The difference between the spec[2] with my scope is only one is
*available*(the spec) and another is *in-use*(my scope).


[1] http://docs.ceph.com/docs/master/rbd/rbd-openstack/
[2] https://review.openstack.org/#/c/296150


Ah, I think I understand now, thank you for providing all of those details.
And I think you explained it in your first email, that cinder supports
migration of ceph volumes if they are 'available' but not if they are
'in-use'. Apologies that I didn't get your meaning the first time.

I see now the code you were referring to is this [3]:

if volume.status not in ('available', 'retyping', 'maintenance'):
 LOG.debug('Only available volumes can be migrated using backend '
   'assisted migration. Falling back to generic migration.')
 return refuse_to_migrate

So because your volume is not 'available', 'retyping', or 'maintenance',
it's falling back to generic migration, which will end up with an error in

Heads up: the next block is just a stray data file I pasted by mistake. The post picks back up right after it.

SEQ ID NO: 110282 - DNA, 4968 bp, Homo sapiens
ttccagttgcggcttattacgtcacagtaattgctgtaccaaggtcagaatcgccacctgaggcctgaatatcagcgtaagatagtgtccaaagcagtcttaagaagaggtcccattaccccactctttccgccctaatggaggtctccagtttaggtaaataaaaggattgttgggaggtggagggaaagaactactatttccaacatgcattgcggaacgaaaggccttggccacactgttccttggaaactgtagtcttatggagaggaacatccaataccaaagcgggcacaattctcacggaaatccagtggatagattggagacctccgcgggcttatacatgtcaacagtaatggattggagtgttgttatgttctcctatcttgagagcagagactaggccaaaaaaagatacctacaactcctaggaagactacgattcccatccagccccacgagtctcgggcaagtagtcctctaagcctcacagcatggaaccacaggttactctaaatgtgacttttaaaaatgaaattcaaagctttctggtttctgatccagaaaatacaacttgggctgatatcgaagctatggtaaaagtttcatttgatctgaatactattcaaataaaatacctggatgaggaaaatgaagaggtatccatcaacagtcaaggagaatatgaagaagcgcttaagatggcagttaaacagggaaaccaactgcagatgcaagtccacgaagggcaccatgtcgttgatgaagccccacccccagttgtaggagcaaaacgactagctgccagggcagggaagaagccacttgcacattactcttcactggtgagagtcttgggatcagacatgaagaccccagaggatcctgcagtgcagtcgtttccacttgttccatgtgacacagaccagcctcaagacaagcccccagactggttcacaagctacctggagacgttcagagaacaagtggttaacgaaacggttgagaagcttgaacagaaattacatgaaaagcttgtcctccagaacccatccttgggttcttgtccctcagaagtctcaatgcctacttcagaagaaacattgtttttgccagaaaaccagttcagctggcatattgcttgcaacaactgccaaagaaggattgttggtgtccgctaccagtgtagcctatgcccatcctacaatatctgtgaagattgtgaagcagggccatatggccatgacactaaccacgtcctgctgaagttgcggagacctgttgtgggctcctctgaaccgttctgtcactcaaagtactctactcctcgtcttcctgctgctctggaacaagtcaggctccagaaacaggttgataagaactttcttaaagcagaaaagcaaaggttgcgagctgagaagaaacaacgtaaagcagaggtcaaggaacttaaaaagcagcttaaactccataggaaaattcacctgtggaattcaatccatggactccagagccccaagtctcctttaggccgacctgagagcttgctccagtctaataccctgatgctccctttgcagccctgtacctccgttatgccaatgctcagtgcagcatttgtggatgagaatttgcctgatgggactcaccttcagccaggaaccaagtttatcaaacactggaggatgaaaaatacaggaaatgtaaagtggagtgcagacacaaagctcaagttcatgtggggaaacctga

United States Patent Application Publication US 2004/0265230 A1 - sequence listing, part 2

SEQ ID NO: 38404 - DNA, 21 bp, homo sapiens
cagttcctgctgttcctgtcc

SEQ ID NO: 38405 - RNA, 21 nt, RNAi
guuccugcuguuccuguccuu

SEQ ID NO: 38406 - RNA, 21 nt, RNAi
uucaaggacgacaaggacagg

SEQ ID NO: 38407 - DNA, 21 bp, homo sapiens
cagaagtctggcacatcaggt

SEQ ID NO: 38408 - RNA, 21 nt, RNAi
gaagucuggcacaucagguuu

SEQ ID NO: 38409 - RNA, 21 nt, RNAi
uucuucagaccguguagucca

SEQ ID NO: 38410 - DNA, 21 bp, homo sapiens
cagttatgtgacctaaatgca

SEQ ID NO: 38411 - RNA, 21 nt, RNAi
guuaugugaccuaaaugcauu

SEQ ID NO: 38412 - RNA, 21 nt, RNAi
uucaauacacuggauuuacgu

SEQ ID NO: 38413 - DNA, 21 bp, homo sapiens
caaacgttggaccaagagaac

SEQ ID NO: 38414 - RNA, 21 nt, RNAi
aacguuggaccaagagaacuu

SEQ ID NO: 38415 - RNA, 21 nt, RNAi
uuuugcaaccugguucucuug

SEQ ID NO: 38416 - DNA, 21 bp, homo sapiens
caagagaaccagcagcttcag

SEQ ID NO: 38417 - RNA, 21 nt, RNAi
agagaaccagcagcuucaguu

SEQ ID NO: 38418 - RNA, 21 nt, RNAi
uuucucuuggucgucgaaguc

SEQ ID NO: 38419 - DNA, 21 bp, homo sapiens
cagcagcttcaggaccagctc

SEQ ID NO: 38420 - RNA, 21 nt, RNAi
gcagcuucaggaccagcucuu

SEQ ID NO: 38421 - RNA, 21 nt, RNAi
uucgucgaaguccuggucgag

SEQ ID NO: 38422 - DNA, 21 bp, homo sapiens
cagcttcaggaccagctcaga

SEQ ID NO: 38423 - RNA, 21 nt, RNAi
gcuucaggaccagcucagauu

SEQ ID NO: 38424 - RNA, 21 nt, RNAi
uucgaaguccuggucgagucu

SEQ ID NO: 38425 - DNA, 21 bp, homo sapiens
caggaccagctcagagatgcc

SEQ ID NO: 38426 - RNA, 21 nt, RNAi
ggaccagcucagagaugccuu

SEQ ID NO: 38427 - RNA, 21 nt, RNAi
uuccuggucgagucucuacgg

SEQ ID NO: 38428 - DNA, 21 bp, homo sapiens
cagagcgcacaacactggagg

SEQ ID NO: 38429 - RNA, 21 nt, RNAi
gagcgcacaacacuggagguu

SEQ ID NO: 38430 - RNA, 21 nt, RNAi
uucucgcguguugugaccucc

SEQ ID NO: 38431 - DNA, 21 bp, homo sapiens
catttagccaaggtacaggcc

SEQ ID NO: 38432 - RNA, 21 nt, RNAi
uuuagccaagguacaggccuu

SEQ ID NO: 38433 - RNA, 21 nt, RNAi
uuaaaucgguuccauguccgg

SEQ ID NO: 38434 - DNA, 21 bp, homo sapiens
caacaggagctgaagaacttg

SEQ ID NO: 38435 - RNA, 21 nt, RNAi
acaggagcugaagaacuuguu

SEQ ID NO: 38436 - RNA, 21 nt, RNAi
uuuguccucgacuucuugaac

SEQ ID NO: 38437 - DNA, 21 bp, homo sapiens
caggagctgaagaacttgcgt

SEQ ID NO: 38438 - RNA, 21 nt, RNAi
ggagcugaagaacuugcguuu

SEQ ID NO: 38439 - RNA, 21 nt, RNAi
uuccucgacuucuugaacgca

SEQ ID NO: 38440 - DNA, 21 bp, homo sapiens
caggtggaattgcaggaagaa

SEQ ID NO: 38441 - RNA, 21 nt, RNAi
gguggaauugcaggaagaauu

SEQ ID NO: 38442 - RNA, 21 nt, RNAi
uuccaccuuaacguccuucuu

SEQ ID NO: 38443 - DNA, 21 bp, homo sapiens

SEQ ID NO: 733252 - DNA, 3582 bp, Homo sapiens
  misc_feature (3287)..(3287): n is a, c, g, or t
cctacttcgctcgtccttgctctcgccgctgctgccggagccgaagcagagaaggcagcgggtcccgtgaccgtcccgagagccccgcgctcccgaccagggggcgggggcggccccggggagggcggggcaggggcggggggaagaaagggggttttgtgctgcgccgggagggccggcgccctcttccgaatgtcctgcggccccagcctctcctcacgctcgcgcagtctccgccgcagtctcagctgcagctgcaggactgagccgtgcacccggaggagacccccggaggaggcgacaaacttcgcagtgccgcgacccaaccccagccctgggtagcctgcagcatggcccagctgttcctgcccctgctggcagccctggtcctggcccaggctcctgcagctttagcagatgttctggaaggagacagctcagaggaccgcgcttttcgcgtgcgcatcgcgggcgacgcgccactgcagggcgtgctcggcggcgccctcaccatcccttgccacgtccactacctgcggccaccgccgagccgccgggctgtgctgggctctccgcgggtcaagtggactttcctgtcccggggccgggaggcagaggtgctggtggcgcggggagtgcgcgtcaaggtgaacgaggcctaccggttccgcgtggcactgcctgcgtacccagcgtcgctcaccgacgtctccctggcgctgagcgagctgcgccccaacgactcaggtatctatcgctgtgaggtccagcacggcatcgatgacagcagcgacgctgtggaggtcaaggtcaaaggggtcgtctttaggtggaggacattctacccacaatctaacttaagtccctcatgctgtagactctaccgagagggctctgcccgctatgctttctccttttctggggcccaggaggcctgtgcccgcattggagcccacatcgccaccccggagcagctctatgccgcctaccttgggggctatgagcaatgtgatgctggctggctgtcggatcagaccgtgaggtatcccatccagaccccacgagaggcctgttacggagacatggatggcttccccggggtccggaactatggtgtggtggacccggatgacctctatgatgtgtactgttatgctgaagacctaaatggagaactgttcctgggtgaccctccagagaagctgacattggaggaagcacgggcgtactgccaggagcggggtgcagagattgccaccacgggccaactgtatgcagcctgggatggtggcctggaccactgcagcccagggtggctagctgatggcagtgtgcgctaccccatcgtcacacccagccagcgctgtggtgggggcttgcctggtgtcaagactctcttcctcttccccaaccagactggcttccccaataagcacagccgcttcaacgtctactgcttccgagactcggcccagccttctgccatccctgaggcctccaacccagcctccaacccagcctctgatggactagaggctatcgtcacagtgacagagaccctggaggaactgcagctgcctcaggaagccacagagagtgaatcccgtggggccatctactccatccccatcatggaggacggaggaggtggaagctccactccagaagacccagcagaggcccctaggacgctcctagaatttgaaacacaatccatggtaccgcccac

nova because the source_path is not set in the volume config.

Can anyone from the cinder team chime in about whether the ceph volume
migration could be expanded to allow migration of 'in-use' volumes? Is there
a reason not to allow migration of 'in-use' volumes?


Generally speaking, Nova must facilitate the migration of a live (or
in-use) volume.  A volume attached to a running instance requires code
in the I/O path to correctly route traffic to the correct location - so
Cinder must refuse (or defer) a migrate operation if the volume is
attached.  Until somewhat recently Qemu and Libvirt did not support the
migration to non-block (RBD) targets which is the reason for lack of
support.  I believe we now have all of the pieces to perform this
operation successfully, but I suspect it will require a setup with
correct versions of all the related software.  I will try to verify this
during the current release cycle and report back.


OK, thanks for this info, Jon. I'll be interested in your findings.

Cheers,
-melanie